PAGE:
governing the rights and obligations toward generated IPR. The Board is open with members
able to join and leave according to their needs. At the time of writing, Telecom Italia, Motorola,
France Telecom R&D, Whitestein Technologies AG and Profactor GmbH have all become
members of the Board. [8,9]
When JADE was first made public by Telecom Italia, it was used almost exclusively by the
FIPA community but as its feature set grew far beyond the FIPA specifications, so did its usage
by a globally distributed developer community. It is interesting to note that JADE contributed
to widespread diffusion of the FIPA specifications by providing a set of software abstractions
and tools that hid the specifications themselves; programmers could essentially implement
according to the specifications without the need to study them. This is considered as one of the
main strengths of JADE with respect to FIPA. [8,9]
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Dr. Abbas Akram Khorseed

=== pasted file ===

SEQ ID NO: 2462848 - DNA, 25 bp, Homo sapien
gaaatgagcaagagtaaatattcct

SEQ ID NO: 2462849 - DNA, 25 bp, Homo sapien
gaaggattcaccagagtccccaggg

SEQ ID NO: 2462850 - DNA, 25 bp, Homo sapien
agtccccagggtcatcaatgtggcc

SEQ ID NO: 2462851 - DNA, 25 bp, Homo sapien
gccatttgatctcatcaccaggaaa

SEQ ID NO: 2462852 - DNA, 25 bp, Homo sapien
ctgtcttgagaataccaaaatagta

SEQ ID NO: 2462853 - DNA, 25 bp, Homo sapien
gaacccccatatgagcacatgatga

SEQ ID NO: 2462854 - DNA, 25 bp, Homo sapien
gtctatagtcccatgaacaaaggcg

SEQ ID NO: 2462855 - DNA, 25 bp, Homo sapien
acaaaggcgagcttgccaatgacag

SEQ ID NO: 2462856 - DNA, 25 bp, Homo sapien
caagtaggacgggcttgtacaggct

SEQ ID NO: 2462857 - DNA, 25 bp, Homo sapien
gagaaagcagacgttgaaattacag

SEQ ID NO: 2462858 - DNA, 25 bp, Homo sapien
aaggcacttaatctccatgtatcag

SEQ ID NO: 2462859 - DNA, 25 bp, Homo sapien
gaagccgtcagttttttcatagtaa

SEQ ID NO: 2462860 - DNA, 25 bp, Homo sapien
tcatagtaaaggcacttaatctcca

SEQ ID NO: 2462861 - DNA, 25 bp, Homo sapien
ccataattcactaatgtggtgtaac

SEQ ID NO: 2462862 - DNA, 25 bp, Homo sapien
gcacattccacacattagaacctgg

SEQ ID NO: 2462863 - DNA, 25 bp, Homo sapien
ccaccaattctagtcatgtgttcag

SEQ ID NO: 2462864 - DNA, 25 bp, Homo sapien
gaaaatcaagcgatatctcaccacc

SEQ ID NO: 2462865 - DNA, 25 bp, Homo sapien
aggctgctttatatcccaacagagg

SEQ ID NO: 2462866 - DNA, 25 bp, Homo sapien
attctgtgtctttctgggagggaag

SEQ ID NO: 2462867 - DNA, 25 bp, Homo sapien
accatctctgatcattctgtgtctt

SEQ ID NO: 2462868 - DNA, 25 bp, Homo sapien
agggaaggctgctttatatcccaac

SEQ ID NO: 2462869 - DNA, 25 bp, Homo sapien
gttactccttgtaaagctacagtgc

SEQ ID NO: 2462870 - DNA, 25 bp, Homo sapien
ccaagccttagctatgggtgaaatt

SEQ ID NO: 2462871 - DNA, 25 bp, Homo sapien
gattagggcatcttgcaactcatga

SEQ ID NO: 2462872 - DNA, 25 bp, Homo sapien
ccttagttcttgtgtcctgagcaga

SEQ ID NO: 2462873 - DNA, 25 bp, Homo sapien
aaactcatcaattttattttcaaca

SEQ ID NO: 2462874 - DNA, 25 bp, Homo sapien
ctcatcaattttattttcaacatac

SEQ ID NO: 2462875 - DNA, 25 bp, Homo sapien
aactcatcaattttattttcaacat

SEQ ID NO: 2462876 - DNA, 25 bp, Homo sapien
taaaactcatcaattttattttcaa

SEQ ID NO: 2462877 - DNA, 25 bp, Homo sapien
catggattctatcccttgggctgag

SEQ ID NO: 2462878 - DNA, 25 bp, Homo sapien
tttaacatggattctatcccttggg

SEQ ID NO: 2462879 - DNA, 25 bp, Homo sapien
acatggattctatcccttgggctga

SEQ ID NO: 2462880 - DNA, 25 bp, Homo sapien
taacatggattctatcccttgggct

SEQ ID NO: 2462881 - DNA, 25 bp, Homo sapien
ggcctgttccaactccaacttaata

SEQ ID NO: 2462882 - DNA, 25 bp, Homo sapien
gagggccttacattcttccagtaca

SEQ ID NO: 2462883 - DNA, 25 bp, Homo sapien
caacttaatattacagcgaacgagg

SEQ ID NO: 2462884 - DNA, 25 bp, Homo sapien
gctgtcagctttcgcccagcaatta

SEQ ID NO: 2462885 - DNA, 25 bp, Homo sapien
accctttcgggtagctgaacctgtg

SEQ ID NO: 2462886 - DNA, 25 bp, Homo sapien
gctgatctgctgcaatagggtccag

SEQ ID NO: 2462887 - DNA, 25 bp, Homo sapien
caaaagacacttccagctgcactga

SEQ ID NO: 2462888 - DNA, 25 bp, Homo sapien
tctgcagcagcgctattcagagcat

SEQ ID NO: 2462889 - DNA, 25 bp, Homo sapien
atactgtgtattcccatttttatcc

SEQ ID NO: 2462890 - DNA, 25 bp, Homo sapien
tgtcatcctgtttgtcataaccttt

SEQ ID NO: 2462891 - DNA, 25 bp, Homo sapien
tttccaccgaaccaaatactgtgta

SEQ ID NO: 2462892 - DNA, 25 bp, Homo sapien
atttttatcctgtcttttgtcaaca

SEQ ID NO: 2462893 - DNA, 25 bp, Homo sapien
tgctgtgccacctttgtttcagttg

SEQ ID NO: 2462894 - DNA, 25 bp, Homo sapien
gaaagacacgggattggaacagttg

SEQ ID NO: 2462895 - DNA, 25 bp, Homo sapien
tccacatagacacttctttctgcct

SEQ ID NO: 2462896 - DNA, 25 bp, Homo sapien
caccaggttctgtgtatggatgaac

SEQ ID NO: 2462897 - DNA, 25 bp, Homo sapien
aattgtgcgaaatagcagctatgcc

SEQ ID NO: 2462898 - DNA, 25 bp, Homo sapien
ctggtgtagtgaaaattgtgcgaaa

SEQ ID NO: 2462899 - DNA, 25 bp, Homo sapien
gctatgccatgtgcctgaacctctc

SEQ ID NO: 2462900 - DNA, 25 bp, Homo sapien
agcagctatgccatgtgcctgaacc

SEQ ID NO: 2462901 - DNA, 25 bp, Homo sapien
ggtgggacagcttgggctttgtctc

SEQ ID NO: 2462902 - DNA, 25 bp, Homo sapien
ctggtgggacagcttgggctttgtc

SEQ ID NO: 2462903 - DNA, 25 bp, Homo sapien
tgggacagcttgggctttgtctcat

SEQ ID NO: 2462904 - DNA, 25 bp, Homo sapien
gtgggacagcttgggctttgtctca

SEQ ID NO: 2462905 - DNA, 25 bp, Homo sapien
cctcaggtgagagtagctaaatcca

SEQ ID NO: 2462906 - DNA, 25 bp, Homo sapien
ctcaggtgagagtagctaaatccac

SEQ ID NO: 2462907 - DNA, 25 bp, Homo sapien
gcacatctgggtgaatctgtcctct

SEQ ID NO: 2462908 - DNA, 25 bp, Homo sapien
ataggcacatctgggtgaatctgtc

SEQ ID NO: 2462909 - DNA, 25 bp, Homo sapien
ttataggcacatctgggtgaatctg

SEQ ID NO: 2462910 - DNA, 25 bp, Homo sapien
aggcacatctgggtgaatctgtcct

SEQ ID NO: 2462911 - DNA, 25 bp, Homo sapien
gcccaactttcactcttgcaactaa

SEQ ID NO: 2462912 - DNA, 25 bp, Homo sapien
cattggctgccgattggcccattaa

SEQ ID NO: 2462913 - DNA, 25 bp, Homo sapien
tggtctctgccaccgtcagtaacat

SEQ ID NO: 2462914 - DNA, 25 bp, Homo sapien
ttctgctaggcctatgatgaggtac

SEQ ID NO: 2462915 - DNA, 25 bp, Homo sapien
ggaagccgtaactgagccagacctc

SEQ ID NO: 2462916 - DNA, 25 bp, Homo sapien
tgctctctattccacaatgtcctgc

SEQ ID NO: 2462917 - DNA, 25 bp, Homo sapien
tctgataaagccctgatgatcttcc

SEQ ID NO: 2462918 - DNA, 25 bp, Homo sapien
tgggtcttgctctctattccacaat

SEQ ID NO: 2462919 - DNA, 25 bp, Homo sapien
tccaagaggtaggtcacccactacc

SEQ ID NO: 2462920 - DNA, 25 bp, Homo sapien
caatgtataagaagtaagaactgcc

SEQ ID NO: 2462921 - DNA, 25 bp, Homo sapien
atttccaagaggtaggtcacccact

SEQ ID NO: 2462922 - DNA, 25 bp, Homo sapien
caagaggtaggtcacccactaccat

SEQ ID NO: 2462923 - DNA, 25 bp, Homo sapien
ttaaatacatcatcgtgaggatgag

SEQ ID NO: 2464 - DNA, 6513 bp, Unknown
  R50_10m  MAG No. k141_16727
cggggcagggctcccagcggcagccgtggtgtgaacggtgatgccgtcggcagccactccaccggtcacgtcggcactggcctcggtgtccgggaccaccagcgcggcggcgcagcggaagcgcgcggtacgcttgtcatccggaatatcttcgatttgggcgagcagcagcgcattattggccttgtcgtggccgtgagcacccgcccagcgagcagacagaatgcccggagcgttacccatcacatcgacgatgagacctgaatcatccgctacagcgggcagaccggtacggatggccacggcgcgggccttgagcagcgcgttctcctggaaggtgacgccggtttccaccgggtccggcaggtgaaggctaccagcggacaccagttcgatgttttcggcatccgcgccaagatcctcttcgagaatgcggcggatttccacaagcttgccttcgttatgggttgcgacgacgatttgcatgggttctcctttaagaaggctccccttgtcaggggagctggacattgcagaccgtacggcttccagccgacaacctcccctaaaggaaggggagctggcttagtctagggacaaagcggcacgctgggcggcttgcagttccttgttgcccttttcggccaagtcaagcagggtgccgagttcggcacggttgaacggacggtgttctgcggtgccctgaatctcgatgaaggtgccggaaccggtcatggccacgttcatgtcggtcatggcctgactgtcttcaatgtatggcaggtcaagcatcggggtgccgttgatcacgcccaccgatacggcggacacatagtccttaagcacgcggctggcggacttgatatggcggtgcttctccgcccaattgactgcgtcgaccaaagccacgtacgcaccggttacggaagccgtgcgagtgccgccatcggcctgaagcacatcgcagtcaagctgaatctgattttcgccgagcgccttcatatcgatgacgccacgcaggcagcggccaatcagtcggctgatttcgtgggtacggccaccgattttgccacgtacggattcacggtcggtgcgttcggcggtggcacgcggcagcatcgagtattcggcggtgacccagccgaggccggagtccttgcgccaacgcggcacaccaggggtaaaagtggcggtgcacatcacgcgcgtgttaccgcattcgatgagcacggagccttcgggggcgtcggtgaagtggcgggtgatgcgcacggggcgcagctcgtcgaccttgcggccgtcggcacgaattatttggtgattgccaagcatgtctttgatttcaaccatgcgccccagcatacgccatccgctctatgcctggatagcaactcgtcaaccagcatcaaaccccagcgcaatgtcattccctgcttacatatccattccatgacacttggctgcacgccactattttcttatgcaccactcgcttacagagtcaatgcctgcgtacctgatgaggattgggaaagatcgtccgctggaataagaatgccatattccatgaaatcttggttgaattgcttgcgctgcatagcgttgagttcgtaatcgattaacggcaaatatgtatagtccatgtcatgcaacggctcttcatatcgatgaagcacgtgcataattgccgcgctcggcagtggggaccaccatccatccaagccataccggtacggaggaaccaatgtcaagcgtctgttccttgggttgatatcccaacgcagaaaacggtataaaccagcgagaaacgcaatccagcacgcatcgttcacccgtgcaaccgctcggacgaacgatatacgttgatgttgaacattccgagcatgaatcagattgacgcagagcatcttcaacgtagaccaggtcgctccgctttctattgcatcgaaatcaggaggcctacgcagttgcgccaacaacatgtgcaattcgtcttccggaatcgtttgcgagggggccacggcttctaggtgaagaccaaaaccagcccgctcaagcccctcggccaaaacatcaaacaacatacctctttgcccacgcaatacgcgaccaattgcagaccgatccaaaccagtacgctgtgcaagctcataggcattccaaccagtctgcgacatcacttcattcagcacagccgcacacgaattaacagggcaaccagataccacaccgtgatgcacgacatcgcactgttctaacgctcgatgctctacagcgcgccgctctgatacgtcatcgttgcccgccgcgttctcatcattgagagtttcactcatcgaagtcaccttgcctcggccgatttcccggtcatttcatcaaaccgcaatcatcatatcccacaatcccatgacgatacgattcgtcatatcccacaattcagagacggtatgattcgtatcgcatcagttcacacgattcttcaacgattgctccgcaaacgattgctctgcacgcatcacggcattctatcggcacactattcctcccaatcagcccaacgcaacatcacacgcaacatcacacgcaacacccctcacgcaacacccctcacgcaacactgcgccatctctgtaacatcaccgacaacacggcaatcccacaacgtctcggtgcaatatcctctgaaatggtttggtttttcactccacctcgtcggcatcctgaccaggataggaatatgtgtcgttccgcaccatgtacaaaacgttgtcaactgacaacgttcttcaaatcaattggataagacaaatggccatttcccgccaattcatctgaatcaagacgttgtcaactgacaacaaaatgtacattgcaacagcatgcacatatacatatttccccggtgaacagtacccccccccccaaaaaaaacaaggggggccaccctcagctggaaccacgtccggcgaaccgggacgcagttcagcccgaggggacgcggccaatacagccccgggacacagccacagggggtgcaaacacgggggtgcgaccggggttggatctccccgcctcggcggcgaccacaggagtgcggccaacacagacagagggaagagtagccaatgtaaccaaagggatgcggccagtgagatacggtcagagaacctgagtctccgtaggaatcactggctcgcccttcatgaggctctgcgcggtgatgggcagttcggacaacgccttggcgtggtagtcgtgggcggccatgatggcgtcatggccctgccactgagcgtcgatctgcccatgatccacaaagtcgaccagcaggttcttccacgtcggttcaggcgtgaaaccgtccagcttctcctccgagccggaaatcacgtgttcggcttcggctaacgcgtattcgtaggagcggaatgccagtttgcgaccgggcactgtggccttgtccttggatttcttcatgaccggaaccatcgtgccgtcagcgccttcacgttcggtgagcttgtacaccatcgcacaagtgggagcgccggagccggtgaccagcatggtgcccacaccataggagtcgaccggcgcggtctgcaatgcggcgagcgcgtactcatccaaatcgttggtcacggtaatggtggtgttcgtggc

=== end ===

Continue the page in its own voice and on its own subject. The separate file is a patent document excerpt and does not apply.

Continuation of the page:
This proposal is dedicated to provide a promotion step toward fighting network attackers by
leveraging up the methodology from raw data to conceptual domain, where problem domain is
to be abstracted into its essential concepts and ontology is to be defined over that domain.
Intelligent Agent has been deployed to perceive domain concepts and makes decisions upon its
conceptual model.
Intelligent Agent has been designed and implemented over this work to autonomously
authenticate the ARP packet before replying it, this approach needed collaborative components
at different level to work together, as it is shown in figure (), where Intelligent Agent mobility
imposes the implementation to be in JAVA but with a sacrifice for the accessibility to kernel